“I often say that when you can measure what you are speaking about, and express it in numbers, you know something about it; but when you cannot express it in numbers, your knowledge is of a meagre and unsatisfactory kind; it may be the beginning of knowledge, but you have scarcely, in your thoughts, advanced to the stage of Science, whatever the matter may be.”
— William Thomson, 1st Baron Kelvin
“Victory has a thousand fathers, but defeat is an orphan”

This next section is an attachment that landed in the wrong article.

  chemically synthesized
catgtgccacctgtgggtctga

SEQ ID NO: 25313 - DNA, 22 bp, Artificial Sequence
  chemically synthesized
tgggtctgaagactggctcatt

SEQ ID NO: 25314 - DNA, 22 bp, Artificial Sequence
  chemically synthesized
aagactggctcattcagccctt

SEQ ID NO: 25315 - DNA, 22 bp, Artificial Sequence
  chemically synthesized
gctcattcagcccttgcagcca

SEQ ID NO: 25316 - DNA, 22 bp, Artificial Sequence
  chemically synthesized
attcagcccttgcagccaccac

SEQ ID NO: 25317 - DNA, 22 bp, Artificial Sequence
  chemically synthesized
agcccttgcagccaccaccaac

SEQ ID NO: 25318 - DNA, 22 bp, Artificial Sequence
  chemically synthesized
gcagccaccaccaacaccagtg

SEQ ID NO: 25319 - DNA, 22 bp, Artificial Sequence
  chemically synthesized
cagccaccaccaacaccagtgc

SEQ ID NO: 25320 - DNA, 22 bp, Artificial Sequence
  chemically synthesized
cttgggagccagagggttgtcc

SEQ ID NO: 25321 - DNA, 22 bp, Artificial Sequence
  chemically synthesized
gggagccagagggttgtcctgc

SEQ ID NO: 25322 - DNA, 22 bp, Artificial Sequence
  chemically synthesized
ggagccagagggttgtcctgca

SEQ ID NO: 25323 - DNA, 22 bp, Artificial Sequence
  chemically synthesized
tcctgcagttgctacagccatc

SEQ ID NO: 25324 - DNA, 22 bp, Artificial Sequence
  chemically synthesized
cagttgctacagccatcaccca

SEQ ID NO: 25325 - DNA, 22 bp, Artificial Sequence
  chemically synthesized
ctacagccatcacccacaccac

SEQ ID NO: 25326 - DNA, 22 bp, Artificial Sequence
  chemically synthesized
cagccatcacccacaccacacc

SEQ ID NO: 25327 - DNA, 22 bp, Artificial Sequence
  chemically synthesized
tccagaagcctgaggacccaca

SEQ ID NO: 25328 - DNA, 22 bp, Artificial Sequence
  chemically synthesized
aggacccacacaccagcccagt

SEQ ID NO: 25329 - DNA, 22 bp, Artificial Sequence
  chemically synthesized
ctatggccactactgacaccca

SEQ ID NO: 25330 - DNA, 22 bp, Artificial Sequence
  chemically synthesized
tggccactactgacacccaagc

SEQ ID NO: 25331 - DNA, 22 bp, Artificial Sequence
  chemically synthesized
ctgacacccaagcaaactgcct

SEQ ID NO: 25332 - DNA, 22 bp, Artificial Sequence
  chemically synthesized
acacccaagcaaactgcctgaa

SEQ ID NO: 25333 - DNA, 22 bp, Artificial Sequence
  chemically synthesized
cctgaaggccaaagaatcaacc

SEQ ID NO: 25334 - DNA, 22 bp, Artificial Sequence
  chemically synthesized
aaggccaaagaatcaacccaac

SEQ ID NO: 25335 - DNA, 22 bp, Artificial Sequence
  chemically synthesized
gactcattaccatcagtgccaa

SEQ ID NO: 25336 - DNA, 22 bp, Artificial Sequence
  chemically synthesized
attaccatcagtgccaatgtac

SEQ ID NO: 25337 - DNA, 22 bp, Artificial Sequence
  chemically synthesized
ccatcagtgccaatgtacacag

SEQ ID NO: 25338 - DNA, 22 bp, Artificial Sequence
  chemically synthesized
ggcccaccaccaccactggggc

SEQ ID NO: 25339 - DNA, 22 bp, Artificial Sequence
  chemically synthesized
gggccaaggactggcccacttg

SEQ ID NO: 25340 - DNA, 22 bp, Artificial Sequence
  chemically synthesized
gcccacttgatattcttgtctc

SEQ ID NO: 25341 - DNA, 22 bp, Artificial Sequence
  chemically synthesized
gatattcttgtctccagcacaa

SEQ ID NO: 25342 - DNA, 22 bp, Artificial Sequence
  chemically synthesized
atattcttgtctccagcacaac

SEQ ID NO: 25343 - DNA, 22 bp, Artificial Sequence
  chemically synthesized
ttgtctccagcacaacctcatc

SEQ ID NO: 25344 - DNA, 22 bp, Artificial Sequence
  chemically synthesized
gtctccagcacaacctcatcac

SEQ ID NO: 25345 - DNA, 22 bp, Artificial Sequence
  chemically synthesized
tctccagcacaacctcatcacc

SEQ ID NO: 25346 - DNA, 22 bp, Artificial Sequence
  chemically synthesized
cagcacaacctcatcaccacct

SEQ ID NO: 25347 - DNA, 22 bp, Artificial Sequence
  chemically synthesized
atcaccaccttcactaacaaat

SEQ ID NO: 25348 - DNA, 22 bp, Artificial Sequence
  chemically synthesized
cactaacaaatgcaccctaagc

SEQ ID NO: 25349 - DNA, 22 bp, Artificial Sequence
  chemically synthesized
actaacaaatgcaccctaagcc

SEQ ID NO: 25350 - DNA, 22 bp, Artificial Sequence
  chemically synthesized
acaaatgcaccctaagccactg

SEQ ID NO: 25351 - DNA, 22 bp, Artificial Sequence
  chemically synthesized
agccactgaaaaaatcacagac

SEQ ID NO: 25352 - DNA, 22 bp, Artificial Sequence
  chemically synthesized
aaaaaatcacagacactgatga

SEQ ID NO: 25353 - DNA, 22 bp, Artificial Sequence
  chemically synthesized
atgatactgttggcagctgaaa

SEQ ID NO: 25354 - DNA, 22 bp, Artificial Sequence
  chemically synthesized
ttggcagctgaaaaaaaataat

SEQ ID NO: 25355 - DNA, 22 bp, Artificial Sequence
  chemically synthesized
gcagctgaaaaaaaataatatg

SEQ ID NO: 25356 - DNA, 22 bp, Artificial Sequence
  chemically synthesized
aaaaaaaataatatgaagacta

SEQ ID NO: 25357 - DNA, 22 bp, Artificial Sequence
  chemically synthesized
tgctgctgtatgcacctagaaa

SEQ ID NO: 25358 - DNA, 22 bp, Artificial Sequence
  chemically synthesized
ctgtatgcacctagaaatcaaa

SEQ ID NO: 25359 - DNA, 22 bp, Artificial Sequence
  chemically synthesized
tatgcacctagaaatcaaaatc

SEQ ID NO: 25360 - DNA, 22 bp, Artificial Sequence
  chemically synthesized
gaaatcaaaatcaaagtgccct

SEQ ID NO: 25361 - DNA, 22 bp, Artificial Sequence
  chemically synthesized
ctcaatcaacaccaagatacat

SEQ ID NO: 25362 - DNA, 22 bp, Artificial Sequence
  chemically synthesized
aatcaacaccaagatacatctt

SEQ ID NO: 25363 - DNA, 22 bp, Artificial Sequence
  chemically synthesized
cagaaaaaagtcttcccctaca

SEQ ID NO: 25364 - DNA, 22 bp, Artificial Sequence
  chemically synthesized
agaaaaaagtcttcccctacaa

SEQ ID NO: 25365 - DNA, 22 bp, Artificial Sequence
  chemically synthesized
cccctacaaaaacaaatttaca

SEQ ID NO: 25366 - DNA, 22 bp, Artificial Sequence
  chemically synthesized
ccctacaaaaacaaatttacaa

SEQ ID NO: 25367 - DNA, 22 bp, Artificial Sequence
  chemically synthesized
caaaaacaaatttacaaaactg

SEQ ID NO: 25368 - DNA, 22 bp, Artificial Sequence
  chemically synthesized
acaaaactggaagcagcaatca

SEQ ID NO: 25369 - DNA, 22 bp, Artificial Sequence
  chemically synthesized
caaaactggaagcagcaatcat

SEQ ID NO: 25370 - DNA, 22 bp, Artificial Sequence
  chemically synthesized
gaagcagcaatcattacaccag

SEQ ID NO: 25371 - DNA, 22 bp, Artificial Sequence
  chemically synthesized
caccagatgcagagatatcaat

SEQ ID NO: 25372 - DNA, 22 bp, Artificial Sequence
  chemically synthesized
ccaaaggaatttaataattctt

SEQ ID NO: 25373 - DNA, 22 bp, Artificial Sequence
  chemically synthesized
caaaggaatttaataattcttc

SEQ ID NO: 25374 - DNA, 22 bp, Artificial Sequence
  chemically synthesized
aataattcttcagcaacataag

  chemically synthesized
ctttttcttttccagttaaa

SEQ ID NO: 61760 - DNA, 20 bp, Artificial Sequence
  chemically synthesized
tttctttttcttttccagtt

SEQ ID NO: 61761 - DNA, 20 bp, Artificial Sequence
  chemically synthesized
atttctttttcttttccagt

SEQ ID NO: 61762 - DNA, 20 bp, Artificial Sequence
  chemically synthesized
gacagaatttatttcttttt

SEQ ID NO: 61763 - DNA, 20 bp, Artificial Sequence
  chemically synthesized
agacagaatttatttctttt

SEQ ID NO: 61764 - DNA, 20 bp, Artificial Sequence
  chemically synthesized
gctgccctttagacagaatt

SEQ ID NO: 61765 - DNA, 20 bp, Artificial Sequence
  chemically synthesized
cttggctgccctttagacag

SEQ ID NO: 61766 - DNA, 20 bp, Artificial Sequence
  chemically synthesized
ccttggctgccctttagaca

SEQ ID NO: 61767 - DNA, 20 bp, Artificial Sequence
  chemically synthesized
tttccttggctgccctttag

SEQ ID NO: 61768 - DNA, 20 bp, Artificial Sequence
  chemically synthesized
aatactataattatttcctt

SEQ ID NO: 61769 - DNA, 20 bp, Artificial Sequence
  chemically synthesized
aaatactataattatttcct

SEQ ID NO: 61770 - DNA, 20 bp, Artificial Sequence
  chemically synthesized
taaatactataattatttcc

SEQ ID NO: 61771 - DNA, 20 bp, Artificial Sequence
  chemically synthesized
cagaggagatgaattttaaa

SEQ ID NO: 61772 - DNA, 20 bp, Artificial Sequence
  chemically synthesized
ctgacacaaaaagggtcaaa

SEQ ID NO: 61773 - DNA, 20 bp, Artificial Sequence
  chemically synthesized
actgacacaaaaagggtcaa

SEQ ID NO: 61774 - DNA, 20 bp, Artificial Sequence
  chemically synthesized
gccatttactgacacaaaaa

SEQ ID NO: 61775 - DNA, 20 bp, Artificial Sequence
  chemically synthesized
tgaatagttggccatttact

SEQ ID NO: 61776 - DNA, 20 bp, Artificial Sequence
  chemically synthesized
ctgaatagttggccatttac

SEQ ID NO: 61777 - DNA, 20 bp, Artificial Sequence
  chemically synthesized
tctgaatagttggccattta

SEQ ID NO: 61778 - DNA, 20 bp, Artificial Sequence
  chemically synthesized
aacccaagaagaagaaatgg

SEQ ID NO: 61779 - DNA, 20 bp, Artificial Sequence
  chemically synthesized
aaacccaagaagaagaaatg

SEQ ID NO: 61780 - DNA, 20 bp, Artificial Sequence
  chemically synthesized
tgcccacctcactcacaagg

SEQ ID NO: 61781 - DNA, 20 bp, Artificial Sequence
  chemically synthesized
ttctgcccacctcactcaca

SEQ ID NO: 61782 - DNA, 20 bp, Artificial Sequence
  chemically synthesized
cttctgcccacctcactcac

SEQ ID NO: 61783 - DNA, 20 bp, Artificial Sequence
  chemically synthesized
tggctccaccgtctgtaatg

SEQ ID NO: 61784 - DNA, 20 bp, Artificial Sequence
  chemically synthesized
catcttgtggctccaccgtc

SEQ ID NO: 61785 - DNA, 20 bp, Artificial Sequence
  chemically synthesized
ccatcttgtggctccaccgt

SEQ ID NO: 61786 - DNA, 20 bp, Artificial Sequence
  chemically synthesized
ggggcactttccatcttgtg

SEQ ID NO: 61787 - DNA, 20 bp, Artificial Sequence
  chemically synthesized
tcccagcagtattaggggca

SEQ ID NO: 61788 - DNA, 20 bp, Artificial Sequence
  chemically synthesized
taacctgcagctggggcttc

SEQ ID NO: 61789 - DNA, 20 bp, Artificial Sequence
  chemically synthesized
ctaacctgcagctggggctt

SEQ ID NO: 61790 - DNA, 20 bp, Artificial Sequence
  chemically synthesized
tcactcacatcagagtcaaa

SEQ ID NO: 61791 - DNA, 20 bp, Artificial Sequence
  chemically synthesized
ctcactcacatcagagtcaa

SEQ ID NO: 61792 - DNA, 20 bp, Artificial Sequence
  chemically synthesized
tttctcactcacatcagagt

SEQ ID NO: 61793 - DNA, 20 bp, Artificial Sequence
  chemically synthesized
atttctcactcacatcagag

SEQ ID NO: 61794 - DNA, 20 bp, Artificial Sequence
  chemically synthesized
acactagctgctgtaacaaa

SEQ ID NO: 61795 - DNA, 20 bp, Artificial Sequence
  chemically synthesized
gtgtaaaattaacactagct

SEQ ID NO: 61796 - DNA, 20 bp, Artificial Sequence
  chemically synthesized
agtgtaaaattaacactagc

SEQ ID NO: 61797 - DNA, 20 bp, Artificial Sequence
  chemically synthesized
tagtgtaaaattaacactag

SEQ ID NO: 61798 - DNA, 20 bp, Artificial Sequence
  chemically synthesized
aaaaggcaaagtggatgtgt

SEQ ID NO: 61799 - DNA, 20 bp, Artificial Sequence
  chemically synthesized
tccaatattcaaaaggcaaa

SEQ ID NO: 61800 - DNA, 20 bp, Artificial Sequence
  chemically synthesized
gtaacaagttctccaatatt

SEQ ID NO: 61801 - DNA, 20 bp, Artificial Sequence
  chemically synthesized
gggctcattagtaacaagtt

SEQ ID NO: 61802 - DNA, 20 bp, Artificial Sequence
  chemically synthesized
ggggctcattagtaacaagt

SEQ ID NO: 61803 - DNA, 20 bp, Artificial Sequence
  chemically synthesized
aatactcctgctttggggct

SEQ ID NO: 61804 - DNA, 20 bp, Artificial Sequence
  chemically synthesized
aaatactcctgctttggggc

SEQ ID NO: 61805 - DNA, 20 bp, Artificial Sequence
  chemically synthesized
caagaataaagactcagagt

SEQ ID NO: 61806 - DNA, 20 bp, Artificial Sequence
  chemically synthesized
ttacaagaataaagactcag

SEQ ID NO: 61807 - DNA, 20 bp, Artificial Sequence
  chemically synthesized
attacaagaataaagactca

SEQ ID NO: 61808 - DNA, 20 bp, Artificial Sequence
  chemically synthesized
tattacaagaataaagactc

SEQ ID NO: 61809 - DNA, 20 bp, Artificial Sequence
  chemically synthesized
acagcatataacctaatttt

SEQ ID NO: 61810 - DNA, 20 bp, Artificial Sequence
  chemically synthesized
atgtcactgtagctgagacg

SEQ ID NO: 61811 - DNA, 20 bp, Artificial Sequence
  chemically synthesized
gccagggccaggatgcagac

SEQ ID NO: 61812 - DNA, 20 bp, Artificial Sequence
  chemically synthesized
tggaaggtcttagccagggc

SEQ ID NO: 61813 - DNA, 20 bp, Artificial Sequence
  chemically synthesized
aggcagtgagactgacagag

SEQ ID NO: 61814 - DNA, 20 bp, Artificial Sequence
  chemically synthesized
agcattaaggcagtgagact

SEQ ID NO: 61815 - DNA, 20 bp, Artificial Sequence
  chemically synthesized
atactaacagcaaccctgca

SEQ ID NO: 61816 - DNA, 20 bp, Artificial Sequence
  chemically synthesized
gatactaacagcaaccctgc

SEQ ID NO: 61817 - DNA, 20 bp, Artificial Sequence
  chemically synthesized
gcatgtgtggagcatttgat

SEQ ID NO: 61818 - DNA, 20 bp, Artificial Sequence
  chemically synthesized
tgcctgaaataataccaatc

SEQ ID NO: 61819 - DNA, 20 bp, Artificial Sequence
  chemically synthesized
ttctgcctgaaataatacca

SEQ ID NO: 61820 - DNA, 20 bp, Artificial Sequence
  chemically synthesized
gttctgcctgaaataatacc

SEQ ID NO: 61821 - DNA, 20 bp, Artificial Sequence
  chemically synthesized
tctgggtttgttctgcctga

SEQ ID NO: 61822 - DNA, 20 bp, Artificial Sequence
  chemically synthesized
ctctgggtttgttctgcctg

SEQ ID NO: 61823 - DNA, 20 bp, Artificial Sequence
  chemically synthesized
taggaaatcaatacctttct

Insurgency has been the most prevalent form of armed conflict since at least 1949, as well as the subject of countless historical and contemporary studies. Contemporary discourse on the subject is voluminous and often contentious, but to date there has been a dearth of systematic evidence supporting the counterinsurgency (COIN) approaches, practices, and tenets that make for successful operations. Relying on a collection of the 30 most recent resolved insurgencies, along with a bank of factors that helped or hindered the COIN force in each case and in each phase of each case, several commonalities emerge. For instance, the data show that good COIN practices tend to “run in packs” and that the balance of selected good and bad practices perfectly predicts the outcome of a conflict. The importance of popular support is confirmed, but the ability to interdict tangible support (such as new personnel, materiel, and financing) is the single best predictor of COIN force success. Twenty distinct approaches to COIN are rigorously tested against the historical record, providing valuable lessons for U.S. engagement in and support for COIN operations. A companion volume, Victory Has a Thousand Fathers: Detailed Counterinsurgency Case Studies, presents in-depth profiles of each of the insurgencies.